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Welcome to GEOetc. My name is Gary Lewis and I am delighted to share the wonderful world of geoscience with you.
I have been involved in geoscience (or Earth science) since the 1980’s and want to share my passion by running field experiences, developing and sharing teaching resources, delving deeper into the theories or just explaining our planet for everyone to understand.
Whether you are an educator, student, rock hound or just love the great outdoors, I am sure that you will live and learn about it a little more with me.
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As we all negotiate our world with this virus, we are working hard to keep folks safe and provide them with activities that they can use in their classrooms and remotely with students. We have stepped up our podcast and activity development schedules so that we provide you with new materials each week. All our 2020 mid-year trips have been postponed till 2021 to keep our participants safe and to adhere to the current travel restrictions and guidelines of the countries/locations we intended to visit. Please stay safe and we all hope we can return to some level of normality as soon as possible.
We are also working hard to ensure all our programs are inclusive. It is so very important to us to make sure everything thing we do is open and available to all educators, and we embrace diversity of all kinds. We support the efforts to see positive real change around the world.
Come join other Earth science teachers in an informal chat over a virtual coffee/tea/drink as we support each other and share ideas during this crazy period of the COVID-19
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Want to be informed of our new trip opportunities and updates for any or all our adventures via email? Then join our Field Adventures email list. Click here.
All our 2020 trips have been moved to 2021.
Discover Iceland - Fire and Ice on a Mid-Ocean Ridge 10 - 16 July 2021 (Dates to be confirmed) TRIP ANNOUNCEMENT - Join our email list for more information. This 7-day (6 night) field trip to Iceland highlights the amazing geology ...Read More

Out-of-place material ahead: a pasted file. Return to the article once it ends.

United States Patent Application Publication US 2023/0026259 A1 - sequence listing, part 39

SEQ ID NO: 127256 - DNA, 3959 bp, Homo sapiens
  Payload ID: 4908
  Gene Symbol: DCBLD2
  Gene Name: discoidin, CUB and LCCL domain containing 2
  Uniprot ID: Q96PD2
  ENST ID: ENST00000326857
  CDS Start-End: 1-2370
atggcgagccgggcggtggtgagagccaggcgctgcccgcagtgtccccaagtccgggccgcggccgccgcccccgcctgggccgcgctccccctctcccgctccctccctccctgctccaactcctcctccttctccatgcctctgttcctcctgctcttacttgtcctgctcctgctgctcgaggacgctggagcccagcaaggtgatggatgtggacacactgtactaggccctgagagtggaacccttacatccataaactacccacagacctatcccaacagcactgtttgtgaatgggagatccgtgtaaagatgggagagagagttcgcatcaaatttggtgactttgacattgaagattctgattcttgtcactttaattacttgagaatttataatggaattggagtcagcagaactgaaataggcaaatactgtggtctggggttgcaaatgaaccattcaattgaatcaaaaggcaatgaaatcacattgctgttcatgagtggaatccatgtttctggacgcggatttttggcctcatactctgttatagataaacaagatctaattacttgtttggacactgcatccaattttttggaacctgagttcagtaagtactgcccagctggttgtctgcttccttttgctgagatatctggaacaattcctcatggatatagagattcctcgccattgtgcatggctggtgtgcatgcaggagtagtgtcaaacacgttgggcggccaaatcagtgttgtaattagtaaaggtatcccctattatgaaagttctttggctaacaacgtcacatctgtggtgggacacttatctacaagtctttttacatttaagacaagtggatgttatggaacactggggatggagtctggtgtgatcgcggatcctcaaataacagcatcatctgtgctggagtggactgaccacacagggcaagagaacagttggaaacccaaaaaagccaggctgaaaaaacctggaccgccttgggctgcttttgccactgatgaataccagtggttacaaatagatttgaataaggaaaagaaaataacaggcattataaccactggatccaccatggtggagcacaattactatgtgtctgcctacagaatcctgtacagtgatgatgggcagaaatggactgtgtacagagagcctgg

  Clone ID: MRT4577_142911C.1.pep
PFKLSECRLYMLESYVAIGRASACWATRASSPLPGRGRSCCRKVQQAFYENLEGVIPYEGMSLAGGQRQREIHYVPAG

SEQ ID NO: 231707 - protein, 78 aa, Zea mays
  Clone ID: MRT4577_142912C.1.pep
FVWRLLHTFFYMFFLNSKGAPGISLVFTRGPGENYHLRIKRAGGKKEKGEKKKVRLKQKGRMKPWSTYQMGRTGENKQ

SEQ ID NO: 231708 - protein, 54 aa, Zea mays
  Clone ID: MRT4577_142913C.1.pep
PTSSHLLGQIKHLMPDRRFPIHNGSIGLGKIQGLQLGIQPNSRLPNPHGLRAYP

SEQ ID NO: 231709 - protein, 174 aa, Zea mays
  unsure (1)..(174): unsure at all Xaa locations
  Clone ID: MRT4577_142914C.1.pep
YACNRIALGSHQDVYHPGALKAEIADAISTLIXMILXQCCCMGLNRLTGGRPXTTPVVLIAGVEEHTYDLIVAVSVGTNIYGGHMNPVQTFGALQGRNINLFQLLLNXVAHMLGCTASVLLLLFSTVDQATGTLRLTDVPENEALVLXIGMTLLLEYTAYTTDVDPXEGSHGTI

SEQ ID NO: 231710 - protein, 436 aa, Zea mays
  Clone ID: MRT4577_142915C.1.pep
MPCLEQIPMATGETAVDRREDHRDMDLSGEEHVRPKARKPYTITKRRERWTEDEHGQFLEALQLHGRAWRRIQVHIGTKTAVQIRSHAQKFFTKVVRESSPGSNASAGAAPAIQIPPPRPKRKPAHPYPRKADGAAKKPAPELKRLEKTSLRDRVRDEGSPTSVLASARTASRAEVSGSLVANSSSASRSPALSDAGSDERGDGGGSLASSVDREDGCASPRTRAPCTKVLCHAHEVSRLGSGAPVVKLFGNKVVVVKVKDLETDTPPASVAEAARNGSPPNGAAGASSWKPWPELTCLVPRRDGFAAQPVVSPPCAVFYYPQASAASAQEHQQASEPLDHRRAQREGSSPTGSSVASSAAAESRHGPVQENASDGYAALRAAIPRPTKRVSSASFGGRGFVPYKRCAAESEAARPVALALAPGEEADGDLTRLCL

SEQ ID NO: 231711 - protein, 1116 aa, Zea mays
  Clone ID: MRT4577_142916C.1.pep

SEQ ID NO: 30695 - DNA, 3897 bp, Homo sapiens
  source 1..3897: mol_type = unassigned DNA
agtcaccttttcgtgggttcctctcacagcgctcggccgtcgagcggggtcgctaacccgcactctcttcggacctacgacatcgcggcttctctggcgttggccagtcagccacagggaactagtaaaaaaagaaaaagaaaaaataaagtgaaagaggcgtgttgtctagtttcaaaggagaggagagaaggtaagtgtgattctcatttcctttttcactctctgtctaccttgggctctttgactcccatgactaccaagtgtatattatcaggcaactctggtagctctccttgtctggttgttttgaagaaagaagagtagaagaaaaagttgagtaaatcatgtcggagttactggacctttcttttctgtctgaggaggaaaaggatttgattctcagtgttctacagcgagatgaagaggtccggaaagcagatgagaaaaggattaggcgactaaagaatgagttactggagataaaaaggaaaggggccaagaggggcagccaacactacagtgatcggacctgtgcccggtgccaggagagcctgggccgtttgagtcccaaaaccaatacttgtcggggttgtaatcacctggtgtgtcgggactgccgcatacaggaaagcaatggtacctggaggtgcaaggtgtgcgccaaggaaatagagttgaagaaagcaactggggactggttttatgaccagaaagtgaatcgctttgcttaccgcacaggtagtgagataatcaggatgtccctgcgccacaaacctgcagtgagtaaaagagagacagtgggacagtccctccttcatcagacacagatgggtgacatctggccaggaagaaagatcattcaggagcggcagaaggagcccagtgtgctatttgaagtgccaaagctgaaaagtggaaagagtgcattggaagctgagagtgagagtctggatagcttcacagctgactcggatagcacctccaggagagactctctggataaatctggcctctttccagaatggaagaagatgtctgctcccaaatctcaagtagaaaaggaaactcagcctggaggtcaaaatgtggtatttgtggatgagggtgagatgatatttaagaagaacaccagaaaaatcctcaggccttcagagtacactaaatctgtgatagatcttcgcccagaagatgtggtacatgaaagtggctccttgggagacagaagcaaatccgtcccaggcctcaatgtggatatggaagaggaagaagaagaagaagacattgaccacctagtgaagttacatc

Gary Lewis, GEOetc, leads..... Discover Australia 2021 A trip for STEM & Geography Teachers, students, and all geology enthusiasts. Pre-service teachers and College Students are welcome on this trip. 23 July - 2 August 2021 Get on the email interest ...Read More
Gary Lewis, GEOetc and Chris Spencer, TravelingGeologist, lead... The Volcanoes of Italy A trip for Earth Science & Geography Teachers from around the world Teachers, Pre-service teachers, College Students, and their friends are welcome on this trip. June 23- July 2, ...Read More
Gary Lewis, GEOetc, leads..... Discover Hawaii's Active Volcanoes 2022 Trips Trips for STEM & Geography Educators, students, and geology enthusiasts. Pre-service teachers and College Students are welcome on this trip. Early to mid-January 2022 (final dates to be announced) or ...Read More
Geology of the United Kingdom The Jurassic Coast World Heritage Site, England and the NW Highlands Geopark, Scotland 17-26 July 2022 Registration will open in late 2020 - get on the email list for updated information. Join our interest list. ...Read More
I use mineral and rock collection cards with all my samples - even ones that are still sitting in plastic ...Read More
In the 1920's a Serbian geophysicist and astronomer called Milutin Milankovitch suggested that long term variations in how the Earth ...Read More
We are currently dealing with changes in the way we communicate with each and our students due to the COVID-19 ...Read More
One of the most dramatic geological features found around our planet is columnar jointing formed from the cooling of molten ...Read More
Traditionally, when we talk about the layers of our planet we talk about the inner core, outer core, mantle, and ...Read More
When you just start off exploring the wonders of minerals, working out mineral identification can seem a daunting task. It ...Read More
So you need to buy a for the geologist in your life? Are you struggling to find something that will ...Read More
So you want to run a field trip? I have been leading field trips for over 30 years, and have ...Read More